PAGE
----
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Develop Resumes & Letters

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A well crafted resume can set you apart from other candidates. Strong resumes do more than summarize your educational background and work history; they emphasize the results of your efforts and draw clear parallels between your skills and experience and an employer's needs.

Resumes are:

  • Commonly required for industry positions
  • Focused on your strongest, most relevant qualifications and experiences
  • Tailored to a specific position, field or industry
  • 1 page (2 pages if you have extensive relevant experience)

Resume Worksheet

List of Power Verbs

Resume Samples:

Federal Resumes

Creating Impactful Resume Bullet Points to Describe Your Experience

Resume bullets should describe your skills and accomplishments, reflecting the order or priority that the employer has
stated in their position description and requirements. Write bullet points for jobs, internships, volunteer experiences and
activities where you’ve developed skills. Consider how these bullet points highlight skills and experiences that match the
position requirements. Action-oriented statements highlighting your accomplishments should use concrete language and
could include:

  • What: What task (transferable skill) did you perform? Use power verbs! (See link above)
  • Why: Why did you perform this task? e.g. to fulfill a goal, serve a need or make your organization/company
    better?
  • How: Specifically how did you perform this task? What equipment, tool, software program, or method did you use to
    accomplish this task?
  • Result: What was the positive result you achieved or impact you made by performing this task (quantitative or
    qualitative)?
  • Adjectives: Spice it up with descriptors; sell yourself… go for it!

Example 1:

  • What: Created a brochure.
  • What and How: Created a brochure using InDesign.
  • What and Why: Created a brochure to generate customer interest in the company’s new line of fall clothing.
  • What, Why, and Result: Created a brochure to generate customer interest in the company’s new line of fall
    clothing, resulting in high praise from Director of Marketing.
  • Adding Adjectives: Created a colorful and eye-catching marketing brochure using InDesign to generate customer interest
    in the company’s new line of fall clothing, resulting in high praise from Director of Marketing.

Example 2:

  • What: Tutored students.
  • What and How: Tutored students using a variety of methods to adjust to different learning styles.
  • What and Why: Tutored students to help them retain information and improve both grades and overall performance in
    Math and English.
  • What, Why, and Result: Tutored students to help them improve grades and overall performance; saw marked
    improvement over a three-month period in 100% of students.
  • Adding Adjectives:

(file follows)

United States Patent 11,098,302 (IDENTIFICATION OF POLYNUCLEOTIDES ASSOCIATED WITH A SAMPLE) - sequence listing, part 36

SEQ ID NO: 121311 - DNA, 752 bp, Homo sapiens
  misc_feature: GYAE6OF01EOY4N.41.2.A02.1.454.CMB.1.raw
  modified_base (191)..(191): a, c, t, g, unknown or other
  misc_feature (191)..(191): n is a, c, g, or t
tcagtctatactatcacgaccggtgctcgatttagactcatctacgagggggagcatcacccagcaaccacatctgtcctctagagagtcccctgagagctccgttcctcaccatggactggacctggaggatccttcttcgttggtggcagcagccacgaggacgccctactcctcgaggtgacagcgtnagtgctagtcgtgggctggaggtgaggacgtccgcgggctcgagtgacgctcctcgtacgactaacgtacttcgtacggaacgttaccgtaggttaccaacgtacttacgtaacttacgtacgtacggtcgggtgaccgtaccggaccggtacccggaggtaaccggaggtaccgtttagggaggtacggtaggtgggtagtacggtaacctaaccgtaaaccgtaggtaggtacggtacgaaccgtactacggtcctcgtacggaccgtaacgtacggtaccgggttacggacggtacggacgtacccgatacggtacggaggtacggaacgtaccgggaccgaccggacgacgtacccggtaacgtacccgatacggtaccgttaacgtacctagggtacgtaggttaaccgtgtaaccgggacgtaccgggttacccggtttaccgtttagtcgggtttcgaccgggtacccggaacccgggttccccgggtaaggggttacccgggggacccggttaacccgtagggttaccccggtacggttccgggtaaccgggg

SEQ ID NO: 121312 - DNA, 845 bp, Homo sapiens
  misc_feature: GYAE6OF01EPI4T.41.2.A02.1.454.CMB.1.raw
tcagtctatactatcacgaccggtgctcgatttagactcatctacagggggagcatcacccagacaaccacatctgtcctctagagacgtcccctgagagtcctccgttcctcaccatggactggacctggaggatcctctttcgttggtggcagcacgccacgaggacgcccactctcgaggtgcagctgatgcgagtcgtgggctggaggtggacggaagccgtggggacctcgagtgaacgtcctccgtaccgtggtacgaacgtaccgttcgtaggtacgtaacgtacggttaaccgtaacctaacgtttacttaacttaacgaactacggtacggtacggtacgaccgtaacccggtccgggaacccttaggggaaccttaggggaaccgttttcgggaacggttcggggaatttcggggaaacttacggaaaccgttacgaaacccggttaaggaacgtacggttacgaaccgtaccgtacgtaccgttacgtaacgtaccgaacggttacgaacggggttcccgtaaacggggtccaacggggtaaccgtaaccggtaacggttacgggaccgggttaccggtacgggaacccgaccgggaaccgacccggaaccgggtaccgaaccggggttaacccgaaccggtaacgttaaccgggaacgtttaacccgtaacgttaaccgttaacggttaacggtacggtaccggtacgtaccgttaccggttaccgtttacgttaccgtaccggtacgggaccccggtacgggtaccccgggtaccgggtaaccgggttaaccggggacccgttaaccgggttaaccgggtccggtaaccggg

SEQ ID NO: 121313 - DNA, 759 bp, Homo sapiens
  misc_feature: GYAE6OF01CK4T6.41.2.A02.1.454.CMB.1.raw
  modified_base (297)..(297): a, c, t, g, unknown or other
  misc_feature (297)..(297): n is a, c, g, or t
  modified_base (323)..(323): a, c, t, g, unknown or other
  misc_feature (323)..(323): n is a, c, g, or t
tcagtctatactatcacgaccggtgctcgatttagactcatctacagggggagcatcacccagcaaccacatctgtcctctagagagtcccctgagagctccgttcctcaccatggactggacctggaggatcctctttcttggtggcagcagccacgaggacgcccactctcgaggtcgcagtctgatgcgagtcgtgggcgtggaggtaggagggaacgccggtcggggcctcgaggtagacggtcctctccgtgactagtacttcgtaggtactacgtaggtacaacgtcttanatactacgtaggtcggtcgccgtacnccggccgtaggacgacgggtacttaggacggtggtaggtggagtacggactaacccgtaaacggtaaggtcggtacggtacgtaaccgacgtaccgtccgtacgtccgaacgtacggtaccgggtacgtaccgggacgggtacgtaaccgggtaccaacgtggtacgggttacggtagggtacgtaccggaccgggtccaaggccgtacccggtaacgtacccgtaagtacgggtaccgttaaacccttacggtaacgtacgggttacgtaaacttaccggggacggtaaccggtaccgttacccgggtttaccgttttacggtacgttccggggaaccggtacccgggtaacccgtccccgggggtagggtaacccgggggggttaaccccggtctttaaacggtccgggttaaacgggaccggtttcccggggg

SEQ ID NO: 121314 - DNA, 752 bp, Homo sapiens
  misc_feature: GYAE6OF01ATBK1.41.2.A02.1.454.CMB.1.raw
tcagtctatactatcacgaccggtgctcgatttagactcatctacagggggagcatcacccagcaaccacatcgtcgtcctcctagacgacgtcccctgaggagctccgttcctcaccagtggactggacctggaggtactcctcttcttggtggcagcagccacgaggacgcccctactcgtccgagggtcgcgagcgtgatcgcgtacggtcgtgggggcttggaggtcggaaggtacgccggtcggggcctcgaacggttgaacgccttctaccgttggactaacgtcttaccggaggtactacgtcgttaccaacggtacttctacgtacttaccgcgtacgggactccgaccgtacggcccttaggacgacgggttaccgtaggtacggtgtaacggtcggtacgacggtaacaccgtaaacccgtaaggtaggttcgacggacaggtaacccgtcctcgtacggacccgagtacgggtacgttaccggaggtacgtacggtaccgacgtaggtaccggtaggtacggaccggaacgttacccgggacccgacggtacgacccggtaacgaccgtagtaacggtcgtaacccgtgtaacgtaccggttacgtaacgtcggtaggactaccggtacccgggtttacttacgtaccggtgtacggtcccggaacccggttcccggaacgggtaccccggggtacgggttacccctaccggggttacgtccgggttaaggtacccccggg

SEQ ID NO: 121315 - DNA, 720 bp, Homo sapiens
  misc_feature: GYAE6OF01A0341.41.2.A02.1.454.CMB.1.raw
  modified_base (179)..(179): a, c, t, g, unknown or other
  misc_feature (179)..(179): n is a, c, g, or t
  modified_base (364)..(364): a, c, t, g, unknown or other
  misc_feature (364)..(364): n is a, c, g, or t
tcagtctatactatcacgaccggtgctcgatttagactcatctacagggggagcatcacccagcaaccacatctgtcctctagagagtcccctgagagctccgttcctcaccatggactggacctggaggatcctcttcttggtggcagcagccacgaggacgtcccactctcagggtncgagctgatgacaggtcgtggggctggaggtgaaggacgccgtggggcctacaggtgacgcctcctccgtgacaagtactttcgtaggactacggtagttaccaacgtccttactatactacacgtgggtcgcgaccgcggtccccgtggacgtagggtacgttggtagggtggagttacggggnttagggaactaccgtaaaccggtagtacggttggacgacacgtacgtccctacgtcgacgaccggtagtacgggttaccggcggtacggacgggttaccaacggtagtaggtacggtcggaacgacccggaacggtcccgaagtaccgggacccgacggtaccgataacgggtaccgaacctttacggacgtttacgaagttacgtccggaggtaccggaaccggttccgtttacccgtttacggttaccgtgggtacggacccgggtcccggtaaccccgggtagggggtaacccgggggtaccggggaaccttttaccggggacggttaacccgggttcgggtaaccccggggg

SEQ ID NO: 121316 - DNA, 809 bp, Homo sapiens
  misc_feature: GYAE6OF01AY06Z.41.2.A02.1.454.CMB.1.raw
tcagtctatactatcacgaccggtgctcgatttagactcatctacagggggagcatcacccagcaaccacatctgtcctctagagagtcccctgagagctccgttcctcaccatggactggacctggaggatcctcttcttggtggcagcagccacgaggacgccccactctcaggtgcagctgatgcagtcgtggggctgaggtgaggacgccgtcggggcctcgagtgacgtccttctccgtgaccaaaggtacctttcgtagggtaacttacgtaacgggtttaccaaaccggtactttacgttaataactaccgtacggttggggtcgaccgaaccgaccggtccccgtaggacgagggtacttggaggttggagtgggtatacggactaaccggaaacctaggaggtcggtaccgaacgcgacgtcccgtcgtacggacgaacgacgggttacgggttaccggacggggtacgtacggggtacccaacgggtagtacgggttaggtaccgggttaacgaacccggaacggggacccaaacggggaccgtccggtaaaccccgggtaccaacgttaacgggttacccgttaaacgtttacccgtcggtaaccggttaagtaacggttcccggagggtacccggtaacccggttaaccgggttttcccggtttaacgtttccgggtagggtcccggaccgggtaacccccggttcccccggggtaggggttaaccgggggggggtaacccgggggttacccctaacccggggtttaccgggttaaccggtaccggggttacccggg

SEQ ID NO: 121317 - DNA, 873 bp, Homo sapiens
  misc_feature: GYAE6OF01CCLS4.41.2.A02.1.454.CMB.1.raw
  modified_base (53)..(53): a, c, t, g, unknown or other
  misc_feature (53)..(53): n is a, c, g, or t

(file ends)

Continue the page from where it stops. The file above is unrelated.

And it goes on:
• Tutored at-risk youth in Math and English; assessed learning styles of each student and creatively adjusted tutoring
      style based on results.
    • Affected information retention and overall grade improvement in 100% of students tutored over a three month period.
    • Acknowledged by Director for strong commitment to student success.

Curriculum Viate (CV) is Latin for "course of life." A CV presents a full history of your academic credentials, and are often used when seeking fellowships, grants, postdoctoral positions, and teaching/research positions in postsecondary institutions or high-level research positions in industry.

A curriculum vitae (CV):

  • Emphasizes academic accomplishments
  • Often required for higher education and research positions
  • A comprehensive biographical statement focusing on professional qualifications and activities
  • Longer, as they have no page limit

CV Samples

Your cover letter introduces you and your resume, explains your purpose for writing, highlights a few of your experiences and/or skills, and requests an interview. You should always include a cover letter when applying for a job unless you are specifically told not to by the employer. When applying online and limited to uploading one document, you can create a single PDF document that includes both your resume and cover letter. 

Use the cover letter format and cover letter worksheet linked below to get started:

Cover Letter Samples:

Following an interview, it is highly recommended you send a thank you letter to restate your interest in the position and the organization. A thank you letter can help you stand out among your competition, it can be emailed or handwritten but consider which might be best for the type of position you are seeking. 

Employers usually ask for your reference list (professors, supervisors, managers, advisors, etc. who can vouch for your skills and qualifications) before they make a hiring decision. Be prepared with a list of 3-5 individuals who are willing to provide a strong, supportive recommendation.

Always ask permission from your references before you use their names. Make sure you have their current contact information and help them prepare in advance by sharing your current resume or CV, cover letter, and the position description. 

Access additional short videos by visiting Candid Career's Resume Writing Channel.